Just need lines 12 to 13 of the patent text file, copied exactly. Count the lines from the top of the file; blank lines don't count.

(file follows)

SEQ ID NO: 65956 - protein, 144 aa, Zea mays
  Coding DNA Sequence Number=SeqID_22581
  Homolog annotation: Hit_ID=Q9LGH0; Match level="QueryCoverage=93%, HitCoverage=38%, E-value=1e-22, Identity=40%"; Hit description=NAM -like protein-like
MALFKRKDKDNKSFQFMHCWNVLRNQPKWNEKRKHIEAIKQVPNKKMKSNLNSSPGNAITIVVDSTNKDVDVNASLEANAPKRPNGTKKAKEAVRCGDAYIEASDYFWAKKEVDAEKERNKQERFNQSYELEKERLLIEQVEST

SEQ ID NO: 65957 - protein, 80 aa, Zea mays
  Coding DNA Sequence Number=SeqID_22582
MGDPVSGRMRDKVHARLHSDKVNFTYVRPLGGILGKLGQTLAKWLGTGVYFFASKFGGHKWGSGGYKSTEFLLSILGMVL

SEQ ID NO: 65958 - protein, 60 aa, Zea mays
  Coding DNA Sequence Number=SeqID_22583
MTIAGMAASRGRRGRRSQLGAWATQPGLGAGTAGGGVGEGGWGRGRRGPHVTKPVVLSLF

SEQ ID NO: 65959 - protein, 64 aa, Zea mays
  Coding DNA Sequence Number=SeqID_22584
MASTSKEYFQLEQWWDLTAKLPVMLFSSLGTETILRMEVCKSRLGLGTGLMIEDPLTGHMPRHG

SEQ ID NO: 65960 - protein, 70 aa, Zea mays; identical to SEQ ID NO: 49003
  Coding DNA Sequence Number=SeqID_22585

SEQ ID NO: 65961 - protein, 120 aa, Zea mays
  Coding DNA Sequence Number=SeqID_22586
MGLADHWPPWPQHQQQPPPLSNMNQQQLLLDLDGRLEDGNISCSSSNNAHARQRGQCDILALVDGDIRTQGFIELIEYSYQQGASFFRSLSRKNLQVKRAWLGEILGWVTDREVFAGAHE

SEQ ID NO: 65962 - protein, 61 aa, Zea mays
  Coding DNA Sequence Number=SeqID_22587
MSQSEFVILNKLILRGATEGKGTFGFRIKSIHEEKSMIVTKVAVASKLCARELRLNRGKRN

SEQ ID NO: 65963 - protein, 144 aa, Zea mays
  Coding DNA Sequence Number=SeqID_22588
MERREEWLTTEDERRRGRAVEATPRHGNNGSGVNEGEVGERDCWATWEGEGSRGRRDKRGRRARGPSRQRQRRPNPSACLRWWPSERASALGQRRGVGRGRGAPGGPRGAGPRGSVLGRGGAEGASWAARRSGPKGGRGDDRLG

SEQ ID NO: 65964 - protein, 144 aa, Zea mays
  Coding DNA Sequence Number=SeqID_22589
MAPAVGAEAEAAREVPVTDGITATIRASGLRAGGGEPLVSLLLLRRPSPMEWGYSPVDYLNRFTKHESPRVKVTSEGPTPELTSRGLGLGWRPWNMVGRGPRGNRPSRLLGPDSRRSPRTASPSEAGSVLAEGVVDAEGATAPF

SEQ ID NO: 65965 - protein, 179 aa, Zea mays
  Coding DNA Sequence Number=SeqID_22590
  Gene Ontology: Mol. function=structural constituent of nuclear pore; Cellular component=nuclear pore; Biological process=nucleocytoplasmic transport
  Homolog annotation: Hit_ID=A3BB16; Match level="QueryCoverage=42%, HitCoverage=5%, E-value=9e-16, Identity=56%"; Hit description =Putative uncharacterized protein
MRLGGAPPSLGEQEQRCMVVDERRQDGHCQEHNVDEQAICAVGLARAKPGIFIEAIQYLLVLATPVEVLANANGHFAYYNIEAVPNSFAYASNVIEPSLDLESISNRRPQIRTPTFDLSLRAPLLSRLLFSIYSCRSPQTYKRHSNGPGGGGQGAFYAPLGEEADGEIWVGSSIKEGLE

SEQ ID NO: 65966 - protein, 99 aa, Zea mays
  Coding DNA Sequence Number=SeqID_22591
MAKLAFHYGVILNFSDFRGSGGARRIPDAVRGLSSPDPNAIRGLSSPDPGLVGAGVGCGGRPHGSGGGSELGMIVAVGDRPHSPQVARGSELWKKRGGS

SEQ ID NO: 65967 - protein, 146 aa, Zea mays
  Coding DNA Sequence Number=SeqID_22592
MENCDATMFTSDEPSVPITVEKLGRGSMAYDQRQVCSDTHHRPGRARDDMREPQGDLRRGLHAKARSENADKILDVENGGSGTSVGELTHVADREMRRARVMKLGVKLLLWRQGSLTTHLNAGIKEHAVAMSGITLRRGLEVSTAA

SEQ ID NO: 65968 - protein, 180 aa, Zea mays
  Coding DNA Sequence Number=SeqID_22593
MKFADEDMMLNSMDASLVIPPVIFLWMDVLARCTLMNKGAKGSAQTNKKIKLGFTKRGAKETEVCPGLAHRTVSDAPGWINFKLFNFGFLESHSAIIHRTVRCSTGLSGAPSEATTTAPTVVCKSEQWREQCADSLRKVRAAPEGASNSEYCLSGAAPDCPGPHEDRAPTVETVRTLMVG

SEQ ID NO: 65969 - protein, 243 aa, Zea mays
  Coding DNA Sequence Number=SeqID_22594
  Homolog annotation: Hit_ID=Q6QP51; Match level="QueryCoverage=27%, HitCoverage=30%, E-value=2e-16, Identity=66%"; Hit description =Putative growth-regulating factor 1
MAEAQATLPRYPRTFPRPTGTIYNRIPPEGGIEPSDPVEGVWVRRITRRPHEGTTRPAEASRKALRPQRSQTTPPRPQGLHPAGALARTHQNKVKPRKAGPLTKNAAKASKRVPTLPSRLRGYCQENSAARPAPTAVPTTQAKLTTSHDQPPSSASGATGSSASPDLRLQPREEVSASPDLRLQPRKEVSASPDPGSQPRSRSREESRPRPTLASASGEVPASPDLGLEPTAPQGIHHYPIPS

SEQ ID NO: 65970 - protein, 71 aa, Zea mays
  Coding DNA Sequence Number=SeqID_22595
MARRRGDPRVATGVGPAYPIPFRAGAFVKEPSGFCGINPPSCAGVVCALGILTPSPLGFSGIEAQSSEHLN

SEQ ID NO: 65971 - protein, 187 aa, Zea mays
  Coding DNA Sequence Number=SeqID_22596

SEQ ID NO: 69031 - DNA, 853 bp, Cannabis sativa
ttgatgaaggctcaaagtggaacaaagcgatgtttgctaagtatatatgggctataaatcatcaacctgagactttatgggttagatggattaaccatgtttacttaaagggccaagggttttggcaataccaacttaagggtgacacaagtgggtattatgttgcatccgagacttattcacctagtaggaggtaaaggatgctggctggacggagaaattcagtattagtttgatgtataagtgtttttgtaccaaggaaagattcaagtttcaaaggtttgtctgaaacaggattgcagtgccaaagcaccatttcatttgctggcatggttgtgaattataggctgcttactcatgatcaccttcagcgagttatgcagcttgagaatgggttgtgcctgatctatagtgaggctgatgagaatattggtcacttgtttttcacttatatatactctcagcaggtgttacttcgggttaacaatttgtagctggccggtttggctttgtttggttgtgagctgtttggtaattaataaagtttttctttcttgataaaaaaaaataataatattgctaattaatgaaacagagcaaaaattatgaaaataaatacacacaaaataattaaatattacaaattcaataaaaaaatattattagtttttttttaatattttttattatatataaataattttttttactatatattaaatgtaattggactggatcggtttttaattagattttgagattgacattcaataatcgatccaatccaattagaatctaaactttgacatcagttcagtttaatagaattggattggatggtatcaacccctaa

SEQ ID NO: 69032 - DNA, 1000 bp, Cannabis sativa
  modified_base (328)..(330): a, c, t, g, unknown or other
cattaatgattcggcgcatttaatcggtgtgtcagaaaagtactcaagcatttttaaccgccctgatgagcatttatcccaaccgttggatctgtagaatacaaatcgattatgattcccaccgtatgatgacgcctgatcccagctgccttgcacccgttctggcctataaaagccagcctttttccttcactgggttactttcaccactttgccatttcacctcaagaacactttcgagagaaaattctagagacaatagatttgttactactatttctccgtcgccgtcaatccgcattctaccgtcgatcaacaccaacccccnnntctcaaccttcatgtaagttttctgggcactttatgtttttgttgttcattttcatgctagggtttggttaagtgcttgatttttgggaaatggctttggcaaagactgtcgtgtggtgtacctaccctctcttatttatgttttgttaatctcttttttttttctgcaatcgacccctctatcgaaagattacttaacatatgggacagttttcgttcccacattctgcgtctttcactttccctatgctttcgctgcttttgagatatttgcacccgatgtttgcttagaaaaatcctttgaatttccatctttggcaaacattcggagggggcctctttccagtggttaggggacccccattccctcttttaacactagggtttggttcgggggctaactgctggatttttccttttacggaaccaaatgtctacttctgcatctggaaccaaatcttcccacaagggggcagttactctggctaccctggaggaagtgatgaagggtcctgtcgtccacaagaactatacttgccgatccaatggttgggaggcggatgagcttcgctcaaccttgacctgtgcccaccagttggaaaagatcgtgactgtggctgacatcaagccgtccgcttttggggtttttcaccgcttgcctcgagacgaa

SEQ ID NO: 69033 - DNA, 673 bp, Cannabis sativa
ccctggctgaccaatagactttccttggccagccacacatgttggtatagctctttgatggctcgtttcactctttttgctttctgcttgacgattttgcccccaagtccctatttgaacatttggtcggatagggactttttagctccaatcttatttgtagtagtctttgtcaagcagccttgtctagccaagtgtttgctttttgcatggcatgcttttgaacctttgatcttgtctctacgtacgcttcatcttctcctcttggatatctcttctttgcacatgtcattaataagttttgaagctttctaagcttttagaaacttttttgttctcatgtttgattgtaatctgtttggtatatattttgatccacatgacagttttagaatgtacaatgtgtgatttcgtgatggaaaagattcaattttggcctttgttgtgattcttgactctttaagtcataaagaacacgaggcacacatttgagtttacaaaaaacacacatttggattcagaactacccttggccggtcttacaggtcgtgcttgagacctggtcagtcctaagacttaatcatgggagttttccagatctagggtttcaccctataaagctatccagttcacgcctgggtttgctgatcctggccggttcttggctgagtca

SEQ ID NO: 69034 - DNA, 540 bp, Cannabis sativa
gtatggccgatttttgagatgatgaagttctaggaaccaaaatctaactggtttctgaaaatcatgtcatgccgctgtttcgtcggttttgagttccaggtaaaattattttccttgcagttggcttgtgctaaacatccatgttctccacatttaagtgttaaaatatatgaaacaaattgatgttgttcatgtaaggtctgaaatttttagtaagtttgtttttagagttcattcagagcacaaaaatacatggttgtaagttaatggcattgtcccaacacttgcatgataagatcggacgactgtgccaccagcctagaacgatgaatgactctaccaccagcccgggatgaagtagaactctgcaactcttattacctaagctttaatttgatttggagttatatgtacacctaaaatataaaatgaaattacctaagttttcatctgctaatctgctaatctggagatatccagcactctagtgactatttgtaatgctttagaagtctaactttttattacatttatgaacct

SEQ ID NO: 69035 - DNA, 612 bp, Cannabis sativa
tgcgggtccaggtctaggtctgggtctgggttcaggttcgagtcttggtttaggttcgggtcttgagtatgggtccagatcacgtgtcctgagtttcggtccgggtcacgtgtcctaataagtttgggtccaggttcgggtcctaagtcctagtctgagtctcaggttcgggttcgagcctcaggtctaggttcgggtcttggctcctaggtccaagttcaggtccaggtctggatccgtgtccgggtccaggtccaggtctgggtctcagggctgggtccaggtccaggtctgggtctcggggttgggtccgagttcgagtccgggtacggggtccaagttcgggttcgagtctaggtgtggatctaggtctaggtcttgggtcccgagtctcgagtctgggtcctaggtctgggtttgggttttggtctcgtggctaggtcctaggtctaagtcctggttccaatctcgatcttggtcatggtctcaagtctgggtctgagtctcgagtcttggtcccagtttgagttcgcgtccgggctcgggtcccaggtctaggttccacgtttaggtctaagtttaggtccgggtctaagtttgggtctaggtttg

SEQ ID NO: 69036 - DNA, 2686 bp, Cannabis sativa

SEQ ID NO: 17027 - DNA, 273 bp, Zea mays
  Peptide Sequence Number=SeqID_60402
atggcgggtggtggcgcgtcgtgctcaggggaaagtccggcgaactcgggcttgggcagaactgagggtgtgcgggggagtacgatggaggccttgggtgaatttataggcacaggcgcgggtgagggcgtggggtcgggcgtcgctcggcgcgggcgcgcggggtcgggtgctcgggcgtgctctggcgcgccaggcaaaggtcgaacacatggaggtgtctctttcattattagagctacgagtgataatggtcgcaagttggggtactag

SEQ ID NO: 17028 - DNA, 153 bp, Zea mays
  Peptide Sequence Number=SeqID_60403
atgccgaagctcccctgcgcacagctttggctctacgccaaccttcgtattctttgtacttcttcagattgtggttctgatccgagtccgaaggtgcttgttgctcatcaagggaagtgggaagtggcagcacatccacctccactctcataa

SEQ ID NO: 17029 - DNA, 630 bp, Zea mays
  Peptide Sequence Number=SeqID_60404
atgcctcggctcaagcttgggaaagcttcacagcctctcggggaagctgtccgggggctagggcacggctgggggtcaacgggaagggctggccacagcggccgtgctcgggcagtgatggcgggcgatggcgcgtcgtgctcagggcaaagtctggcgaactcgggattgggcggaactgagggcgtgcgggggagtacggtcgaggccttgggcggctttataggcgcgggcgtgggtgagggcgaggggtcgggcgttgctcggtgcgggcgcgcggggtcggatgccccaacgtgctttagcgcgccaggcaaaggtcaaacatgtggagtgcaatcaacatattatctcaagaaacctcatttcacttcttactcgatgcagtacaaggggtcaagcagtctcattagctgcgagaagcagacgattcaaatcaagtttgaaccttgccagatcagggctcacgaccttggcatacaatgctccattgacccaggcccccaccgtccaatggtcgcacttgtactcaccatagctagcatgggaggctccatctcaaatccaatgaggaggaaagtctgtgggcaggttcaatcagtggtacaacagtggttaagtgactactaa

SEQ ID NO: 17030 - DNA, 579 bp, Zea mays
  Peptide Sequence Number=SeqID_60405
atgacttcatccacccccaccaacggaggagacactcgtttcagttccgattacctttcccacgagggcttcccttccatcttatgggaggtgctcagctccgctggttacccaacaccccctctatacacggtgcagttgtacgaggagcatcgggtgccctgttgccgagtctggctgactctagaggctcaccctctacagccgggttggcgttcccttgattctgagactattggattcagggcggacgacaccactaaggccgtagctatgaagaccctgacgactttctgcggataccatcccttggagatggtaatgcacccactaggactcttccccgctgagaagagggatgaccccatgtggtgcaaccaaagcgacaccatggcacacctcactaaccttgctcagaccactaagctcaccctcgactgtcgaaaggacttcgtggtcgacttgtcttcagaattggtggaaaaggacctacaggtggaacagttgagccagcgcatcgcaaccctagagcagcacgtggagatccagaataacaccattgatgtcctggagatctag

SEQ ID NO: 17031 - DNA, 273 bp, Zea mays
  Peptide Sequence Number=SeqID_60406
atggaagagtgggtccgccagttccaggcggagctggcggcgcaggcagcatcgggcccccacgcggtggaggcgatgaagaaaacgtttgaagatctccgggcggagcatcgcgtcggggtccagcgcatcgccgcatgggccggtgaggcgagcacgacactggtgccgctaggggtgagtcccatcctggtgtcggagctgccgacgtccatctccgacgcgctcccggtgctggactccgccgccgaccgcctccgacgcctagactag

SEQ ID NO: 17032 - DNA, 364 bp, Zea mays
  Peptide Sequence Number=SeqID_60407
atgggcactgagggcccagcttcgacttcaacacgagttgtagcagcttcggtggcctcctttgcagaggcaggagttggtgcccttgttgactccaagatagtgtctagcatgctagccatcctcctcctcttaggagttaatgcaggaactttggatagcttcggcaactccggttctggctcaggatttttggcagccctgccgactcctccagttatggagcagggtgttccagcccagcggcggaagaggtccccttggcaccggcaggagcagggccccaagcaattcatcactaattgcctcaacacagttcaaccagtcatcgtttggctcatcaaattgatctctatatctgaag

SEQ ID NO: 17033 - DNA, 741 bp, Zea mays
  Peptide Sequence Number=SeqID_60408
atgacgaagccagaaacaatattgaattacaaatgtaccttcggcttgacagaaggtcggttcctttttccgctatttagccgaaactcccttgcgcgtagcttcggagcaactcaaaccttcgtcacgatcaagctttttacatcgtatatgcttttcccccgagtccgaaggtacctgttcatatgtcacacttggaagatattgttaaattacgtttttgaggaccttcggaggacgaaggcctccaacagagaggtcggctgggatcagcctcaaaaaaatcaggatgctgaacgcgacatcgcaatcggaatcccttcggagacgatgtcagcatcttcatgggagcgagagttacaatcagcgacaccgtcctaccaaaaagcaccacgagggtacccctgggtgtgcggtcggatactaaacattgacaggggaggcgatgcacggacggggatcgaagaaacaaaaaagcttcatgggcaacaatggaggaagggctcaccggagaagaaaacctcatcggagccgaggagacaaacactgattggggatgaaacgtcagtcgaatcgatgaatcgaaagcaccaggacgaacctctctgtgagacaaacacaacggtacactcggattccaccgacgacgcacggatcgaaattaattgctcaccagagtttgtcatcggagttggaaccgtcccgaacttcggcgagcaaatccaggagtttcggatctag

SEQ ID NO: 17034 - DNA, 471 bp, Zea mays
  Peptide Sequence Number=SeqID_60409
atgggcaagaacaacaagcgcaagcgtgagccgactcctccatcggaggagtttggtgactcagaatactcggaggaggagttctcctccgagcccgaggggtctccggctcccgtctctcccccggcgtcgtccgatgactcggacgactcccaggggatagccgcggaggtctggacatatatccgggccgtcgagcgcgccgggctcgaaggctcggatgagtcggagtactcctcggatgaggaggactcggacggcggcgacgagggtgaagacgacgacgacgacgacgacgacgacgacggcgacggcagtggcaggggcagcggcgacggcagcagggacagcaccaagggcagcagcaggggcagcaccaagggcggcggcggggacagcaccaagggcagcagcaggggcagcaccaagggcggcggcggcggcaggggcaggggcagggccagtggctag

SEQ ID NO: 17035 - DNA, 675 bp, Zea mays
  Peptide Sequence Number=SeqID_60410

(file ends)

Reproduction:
  Coding DNA Sequence Number=SeqID_22584
MASTSKEYFQLEQWWDLTAKLPVMLFSSLGTETILRMEVCKSRLGLGTGLMIEDPLTGHMPRHG